The Council on Foundations (COF) recently released the 2011 Grantmakers Salary and Benefits Report. The sample includes 910 total foundations of which 544 are COF members. As Rick Cohen notes on his piece about the survey, the survey suffers from the limitations of self-reporting, as do most all of our sector’s data. That said, there are some important trends in the makeup of foundation demographics and compensation that are worth noting:
Foundations seem to reflect the some of the changing demographics of our society. Here are some key facts:
Some races are reflected proportionate to their share of the U.S. population while others lag behind significantly. Moreover, the positions held by non-white foundation staff reflect some disparities: only 9.2 percent of CEOs are people of color while a disproportionate number of accountants, computer and IT professionals and human resources professionals appear to be people of color.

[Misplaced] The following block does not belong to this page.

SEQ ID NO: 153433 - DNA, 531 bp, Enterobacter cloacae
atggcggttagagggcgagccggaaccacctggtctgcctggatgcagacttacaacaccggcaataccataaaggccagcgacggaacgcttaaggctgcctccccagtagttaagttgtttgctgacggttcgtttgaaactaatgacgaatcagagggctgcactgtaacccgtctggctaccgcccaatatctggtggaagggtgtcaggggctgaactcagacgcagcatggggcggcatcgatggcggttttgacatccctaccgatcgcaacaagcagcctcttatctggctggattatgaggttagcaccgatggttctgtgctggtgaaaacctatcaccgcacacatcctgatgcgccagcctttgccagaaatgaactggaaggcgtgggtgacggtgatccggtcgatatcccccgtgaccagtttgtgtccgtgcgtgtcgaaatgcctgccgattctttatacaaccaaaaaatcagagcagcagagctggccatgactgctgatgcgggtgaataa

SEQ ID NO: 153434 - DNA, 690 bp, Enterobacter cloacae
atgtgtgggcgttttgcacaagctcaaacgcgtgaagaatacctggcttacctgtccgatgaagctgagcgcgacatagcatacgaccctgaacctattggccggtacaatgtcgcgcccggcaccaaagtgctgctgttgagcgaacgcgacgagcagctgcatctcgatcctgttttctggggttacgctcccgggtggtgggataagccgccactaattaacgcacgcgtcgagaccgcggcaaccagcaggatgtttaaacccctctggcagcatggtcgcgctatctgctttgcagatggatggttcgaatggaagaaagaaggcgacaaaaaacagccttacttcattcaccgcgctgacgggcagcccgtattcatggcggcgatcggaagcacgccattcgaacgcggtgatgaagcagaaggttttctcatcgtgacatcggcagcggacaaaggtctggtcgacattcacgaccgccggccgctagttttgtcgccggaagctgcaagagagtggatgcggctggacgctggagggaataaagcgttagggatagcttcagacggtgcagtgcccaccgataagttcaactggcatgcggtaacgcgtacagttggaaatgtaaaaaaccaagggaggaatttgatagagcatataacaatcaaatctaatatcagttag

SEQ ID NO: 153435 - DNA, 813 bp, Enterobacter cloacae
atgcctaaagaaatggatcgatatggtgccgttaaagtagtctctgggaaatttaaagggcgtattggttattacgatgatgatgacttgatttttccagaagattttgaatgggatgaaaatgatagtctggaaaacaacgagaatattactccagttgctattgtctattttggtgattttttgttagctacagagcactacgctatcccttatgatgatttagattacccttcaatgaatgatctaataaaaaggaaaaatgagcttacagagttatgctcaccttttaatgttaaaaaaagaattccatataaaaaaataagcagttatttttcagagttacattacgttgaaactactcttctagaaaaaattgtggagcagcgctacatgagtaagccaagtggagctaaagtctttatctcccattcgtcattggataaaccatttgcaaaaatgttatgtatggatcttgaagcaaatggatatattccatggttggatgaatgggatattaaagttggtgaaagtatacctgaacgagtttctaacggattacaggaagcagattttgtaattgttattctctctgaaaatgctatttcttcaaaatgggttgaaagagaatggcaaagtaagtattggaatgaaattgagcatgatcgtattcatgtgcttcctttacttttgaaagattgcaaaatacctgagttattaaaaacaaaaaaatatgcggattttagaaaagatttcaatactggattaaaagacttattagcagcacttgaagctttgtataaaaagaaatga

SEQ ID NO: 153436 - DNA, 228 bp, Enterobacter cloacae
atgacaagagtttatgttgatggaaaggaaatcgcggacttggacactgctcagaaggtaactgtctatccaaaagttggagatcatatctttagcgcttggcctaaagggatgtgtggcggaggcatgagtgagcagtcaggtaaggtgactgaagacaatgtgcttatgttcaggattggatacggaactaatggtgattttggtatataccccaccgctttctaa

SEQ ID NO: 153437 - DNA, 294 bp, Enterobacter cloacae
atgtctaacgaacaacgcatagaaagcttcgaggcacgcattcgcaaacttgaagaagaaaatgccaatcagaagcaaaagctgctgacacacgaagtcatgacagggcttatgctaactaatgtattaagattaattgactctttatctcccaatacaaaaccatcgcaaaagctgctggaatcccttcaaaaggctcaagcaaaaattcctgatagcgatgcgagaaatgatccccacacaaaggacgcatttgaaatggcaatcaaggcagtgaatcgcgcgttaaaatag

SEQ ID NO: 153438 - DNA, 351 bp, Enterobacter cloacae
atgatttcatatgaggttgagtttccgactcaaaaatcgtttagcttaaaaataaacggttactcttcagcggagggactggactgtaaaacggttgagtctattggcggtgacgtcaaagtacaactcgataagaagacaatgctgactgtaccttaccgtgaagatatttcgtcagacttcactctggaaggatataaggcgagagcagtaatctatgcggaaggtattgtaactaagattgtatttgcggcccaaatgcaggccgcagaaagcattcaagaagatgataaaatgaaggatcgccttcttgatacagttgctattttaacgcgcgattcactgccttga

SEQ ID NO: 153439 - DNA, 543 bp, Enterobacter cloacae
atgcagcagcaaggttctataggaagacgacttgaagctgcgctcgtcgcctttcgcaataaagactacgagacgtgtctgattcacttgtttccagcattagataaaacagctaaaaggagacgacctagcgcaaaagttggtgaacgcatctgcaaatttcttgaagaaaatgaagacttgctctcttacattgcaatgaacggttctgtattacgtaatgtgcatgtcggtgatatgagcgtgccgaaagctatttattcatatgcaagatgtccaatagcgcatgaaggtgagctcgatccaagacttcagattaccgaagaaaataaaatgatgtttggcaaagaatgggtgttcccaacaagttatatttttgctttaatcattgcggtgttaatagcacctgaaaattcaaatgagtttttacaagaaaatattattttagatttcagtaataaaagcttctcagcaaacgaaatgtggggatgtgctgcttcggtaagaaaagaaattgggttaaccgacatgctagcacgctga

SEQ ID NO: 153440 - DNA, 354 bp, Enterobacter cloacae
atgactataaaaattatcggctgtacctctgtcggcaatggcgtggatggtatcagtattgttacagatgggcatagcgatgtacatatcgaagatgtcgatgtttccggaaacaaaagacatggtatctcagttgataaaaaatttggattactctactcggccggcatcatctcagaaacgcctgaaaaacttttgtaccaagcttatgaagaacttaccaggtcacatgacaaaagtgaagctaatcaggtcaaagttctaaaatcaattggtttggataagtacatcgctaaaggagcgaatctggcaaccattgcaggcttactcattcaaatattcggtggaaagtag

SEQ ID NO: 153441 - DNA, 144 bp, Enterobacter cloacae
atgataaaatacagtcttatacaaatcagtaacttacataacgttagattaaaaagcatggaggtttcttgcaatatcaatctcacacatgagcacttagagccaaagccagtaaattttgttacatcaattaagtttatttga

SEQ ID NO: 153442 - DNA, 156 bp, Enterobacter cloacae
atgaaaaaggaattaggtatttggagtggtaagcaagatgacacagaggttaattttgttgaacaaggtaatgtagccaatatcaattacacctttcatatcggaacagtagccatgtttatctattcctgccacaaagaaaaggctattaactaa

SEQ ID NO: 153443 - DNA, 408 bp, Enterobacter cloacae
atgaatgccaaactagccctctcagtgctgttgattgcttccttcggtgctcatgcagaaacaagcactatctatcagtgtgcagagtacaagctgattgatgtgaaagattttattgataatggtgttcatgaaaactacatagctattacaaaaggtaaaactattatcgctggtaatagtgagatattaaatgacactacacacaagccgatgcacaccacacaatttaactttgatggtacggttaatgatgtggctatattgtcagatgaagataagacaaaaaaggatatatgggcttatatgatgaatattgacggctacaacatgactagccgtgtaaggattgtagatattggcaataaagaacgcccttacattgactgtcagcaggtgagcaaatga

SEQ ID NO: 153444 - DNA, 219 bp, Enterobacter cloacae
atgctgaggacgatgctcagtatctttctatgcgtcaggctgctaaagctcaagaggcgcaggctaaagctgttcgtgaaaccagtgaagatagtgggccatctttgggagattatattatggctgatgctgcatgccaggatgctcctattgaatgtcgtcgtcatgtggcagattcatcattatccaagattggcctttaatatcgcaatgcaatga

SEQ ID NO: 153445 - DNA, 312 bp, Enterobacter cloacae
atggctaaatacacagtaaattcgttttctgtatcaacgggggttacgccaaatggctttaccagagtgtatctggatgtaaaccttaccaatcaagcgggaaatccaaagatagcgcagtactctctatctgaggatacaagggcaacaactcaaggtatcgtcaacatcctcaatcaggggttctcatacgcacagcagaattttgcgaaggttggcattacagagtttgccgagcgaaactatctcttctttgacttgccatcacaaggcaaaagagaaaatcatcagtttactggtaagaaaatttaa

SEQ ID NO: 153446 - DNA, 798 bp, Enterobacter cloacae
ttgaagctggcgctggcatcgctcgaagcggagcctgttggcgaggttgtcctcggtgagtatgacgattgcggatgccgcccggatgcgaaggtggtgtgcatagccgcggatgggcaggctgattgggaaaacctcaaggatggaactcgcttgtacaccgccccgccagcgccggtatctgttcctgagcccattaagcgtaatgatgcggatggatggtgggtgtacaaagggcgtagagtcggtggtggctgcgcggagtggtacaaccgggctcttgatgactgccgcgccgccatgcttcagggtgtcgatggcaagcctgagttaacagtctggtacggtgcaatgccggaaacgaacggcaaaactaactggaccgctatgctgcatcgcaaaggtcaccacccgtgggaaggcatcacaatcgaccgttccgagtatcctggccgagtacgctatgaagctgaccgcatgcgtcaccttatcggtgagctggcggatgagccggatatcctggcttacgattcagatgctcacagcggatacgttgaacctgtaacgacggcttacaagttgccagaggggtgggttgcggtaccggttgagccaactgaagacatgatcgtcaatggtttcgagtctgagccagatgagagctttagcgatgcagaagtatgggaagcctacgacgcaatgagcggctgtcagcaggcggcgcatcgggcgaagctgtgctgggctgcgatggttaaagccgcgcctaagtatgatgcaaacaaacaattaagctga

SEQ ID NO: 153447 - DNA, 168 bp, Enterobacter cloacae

Foundation boards remain largely homogenous, with only 6 percent of trustees being between the ages of 30 and 39. They remain disproportionately male with women accounting for only 38 percent of trustees. And racially, they are mostly white with fully 85 percent of trustees being non-Hispanic whites and only seven percent being African American, four percent Latino, two percent Asian/Pacific Islander and one percent American Indian.
Should foundations reflect exactly the demographic profile of our country? Not necessarily, but the lack of diversity and persistent homogeneity run counter to data that support diversity and dissent as directly associated with effectiveness and better decision-making. Especially at the trustee level, this is incredibly important if a foundation wants to make sound decisions about its grant allocations.
Niki Jagpal is research and policy director at the National Committee for Responsive Philanthropy (NCRP). This article is also posted at NCRP’s blog, keeping a close eye…